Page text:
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HARRIS: After early highlights, Redskins’ defense falls apart again
The game started out with such promise for the Redskins.
On the first play from scrimmage, linebacker London Fletcher flew into the Lions’ backfield and sacked Matthew Stafford for a 7-yard loss. Fletcher jumped up and did a happy dance, much to the delight of those who came to FedEx Field on a brilliant afternoon.
Not long after that, cornerback DeAngelo Hall intercepted Stafford and returned it for a touchdown.
Roughly three hours later, no one who cared about the Redskins was doing any kind of happy dance. Or happy anything. The Lions left town with a 27-20 victory, leaving the Redskins with a well-earned 0-3 record.
The numbers on the stat sheet practically glared. A week after allowing Green Bay’s Aaron Rodgers to pass for a career-high 480 yards, the Redskins let Stafford throw for 385. That’s not a career high for the Lions’ 25-year-old, though it does rank well up toward the top.
In three games, Washington has given up 1,464 total yards and 1,068 passing yards. Ouch. The defense is far from the Redskins’ only problem, but fixing it probably belongs atop the to-do list.
“No sense in feeling sorry for yourself,” said defensive end Kedric Golston. “You go to work. You get it done. That’s the bottom line.”
Easy to say, of course. Tougher to do, as the Redskins are proving every week. This is not a new problem. The Eagles’ Michael Vick didn’t put up “wow” passing numbers in the opener because Philadelphia managed to run for 240 yards. It’s only the past two games where opponents have passed the Redskins silly.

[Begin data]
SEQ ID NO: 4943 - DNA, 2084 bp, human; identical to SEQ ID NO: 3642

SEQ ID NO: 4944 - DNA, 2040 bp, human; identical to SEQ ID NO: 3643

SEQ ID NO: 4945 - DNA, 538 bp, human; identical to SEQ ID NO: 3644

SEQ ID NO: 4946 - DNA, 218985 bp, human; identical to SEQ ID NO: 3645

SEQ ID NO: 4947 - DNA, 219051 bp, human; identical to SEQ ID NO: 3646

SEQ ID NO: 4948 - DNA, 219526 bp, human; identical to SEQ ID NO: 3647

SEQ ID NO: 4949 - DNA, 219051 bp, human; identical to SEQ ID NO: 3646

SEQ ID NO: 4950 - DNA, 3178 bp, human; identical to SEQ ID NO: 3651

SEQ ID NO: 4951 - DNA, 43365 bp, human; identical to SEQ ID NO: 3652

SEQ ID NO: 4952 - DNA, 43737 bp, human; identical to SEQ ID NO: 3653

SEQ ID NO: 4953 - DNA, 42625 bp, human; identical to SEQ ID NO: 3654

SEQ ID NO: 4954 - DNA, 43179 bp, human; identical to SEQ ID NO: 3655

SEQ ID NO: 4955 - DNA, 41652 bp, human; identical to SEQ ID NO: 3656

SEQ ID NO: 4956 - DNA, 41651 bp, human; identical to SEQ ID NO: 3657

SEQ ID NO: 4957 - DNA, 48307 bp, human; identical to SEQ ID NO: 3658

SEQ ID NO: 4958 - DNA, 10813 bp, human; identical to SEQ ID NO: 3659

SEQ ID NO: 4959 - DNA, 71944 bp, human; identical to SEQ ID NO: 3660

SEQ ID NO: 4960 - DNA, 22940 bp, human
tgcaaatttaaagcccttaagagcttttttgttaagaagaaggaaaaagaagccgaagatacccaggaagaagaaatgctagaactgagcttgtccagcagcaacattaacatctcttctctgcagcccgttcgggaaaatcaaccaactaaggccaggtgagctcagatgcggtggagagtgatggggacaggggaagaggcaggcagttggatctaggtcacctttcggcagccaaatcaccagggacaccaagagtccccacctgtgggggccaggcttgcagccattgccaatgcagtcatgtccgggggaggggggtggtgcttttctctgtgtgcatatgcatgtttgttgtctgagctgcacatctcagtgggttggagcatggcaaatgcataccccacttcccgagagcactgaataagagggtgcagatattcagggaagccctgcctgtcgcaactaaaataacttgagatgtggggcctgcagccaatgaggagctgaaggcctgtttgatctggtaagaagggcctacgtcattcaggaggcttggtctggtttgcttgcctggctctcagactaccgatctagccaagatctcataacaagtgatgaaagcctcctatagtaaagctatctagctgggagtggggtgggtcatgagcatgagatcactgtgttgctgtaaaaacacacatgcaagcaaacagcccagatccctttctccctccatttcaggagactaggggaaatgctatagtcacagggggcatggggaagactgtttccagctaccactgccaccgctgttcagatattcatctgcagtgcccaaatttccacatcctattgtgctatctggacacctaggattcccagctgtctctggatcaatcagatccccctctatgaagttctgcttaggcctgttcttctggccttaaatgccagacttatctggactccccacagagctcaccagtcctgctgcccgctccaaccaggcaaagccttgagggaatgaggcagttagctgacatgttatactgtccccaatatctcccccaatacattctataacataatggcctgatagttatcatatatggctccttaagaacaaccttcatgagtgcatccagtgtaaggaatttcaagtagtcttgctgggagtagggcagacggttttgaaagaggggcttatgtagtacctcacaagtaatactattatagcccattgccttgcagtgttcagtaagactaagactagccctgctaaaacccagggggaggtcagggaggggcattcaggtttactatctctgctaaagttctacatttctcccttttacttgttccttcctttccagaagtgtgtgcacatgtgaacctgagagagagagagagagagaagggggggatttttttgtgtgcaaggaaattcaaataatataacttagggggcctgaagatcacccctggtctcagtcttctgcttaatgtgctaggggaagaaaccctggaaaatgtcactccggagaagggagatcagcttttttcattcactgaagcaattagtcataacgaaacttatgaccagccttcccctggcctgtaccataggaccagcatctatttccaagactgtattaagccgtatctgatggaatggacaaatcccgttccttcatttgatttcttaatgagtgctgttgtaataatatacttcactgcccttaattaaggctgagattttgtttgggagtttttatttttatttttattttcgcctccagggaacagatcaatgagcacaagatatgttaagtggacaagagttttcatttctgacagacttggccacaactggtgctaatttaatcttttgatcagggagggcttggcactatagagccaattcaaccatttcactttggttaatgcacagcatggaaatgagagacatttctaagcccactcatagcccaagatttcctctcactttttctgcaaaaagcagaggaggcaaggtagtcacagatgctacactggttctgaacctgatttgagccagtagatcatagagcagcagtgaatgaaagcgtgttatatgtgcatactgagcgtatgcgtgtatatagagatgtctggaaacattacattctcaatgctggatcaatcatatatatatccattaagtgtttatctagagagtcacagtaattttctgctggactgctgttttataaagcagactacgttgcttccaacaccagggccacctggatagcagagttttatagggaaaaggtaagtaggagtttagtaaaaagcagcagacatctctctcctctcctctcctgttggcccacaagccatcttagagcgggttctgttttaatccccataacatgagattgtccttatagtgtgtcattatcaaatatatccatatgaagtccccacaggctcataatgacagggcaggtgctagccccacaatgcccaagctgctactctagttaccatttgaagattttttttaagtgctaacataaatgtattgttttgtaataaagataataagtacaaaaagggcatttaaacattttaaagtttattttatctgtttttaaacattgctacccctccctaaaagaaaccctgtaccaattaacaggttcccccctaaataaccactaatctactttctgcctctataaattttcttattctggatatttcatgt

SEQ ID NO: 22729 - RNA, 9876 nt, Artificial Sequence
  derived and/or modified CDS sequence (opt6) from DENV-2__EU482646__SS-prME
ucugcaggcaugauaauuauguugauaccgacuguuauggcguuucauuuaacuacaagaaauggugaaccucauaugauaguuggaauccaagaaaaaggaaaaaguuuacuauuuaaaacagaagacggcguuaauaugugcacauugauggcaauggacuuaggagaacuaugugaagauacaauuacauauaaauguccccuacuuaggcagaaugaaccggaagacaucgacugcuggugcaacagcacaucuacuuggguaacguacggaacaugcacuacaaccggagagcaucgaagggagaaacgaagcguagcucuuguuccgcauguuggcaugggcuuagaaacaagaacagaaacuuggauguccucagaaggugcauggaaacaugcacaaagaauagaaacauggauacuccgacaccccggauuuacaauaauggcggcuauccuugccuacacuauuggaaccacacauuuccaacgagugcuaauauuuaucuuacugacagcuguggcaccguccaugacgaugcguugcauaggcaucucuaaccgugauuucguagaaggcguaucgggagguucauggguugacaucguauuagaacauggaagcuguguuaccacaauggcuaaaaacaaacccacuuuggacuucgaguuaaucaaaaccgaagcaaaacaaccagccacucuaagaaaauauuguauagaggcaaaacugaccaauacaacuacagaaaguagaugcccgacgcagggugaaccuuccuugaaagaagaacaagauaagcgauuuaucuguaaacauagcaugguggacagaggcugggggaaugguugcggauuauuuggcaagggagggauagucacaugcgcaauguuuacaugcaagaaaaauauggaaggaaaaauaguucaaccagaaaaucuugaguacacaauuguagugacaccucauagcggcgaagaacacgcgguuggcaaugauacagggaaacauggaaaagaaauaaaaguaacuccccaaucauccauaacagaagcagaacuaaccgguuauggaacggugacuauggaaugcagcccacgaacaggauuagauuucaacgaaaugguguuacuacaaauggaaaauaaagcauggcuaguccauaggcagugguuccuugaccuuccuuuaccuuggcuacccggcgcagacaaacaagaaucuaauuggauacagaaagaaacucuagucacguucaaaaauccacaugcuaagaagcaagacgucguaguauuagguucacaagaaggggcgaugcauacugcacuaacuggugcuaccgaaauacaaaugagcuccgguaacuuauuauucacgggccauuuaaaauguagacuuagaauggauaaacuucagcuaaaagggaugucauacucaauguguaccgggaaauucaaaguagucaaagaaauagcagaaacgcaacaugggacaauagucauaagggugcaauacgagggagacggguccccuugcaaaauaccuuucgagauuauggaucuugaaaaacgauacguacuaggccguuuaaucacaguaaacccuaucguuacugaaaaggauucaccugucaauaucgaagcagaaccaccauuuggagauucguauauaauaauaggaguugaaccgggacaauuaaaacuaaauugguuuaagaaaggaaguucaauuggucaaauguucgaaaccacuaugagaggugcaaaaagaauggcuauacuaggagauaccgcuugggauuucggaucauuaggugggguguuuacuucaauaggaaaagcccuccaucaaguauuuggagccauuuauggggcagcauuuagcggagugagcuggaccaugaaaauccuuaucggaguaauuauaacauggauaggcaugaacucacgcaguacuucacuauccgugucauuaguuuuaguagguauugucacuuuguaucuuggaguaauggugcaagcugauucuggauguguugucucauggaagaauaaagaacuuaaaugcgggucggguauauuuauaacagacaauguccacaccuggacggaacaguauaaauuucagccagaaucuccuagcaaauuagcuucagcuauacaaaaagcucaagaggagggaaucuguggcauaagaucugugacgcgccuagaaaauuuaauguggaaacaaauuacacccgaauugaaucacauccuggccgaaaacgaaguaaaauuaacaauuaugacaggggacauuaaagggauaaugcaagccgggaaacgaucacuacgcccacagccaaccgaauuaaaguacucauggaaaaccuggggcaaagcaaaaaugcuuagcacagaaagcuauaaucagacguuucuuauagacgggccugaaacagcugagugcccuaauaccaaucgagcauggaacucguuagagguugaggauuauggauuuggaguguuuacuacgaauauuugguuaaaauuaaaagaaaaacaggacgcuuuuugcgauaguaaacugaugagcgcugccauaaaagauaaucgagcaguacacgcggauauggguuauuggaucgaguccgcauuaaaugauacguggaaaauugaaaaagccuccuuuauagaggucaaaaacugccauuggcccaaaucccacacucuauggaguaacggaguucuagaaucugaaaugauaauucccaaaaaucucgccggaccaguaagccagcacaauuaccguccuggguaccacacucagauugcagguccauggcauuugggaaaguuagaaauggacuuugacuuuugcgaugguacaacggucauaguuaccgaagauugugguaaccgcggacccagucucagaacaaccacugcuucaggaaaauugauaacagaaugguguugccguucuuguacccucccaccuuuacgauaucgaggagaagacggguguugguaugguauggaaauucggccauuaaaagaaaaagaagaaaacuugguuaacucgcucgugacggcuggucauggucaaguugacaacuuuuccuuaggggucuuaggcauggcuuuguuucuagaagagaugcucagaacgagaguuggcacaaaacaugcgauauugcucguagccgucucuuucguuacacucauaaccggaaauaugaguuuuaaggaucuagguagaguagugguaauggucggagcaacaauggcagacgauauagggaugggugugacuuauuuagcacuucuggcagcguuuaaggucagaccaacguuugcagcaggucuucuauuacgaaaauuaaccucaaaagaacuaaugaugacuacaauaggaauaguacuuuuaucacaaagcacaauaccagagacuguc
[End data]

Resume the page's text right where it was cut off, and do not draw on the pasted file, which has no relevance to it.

“If we gave up the same yards and won the football game, no one would have said anything,” Golston said. “What are statistics except numbers? The only statistic that matters is the win-loss column.”
Fair point, as statistics can often be misleading. But not always. When Detroit needed to pick up huge chunks Sunday, it was pretty much able to do so every time. These were pretty honest stats.
Case in point: After the Redskins had a fourth-quarter touchdown overturned when it was ruled (correctly) on replay that Aldrick Robinson did not corral a 57-yard pass from Robert Griffin III, Detroit pushed Washington backwards for two plays. Then, after getting the ball back, the Lions went 16 yards in the air on their first play and 33 on their third. Just like that, they were on Washington’s 21 and Stafford eventually found Calvin Johnson for an 11-yard touchdown.
Oakland’s Terrelle Pryor is the next quarterback who gets to test the Washington defense, next Sunday on the west coast. He’ll probably start with the visions of huge numbers as soon as the Raiders’ game in Denver ends Monday night.
Johnson, perhaps the best receiver in football, went over the 500-catch and 8,000-yard marks for his career early in Sunday’s game. He was honest enough to admit he knew going in there was a chance for some hefty numbers.
“You’re aware of the [yards after catch] they’re giving up and all the yards they’ve given up the first two weeks of the season,” Johnson said. “We’d knew we’d have opportunities, especially with the single-high.”
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About the Author
Washington Times sports editor Mike Harris has more than 30 years experience in the business as a reporter, columnist and manager. He’s covered a wide variety of events including two Olympics, horse racing, auto racing, professional and college sports. E-mail him at firstname.lastname@example.org and follow the section on Twitter @WashTimesSports.
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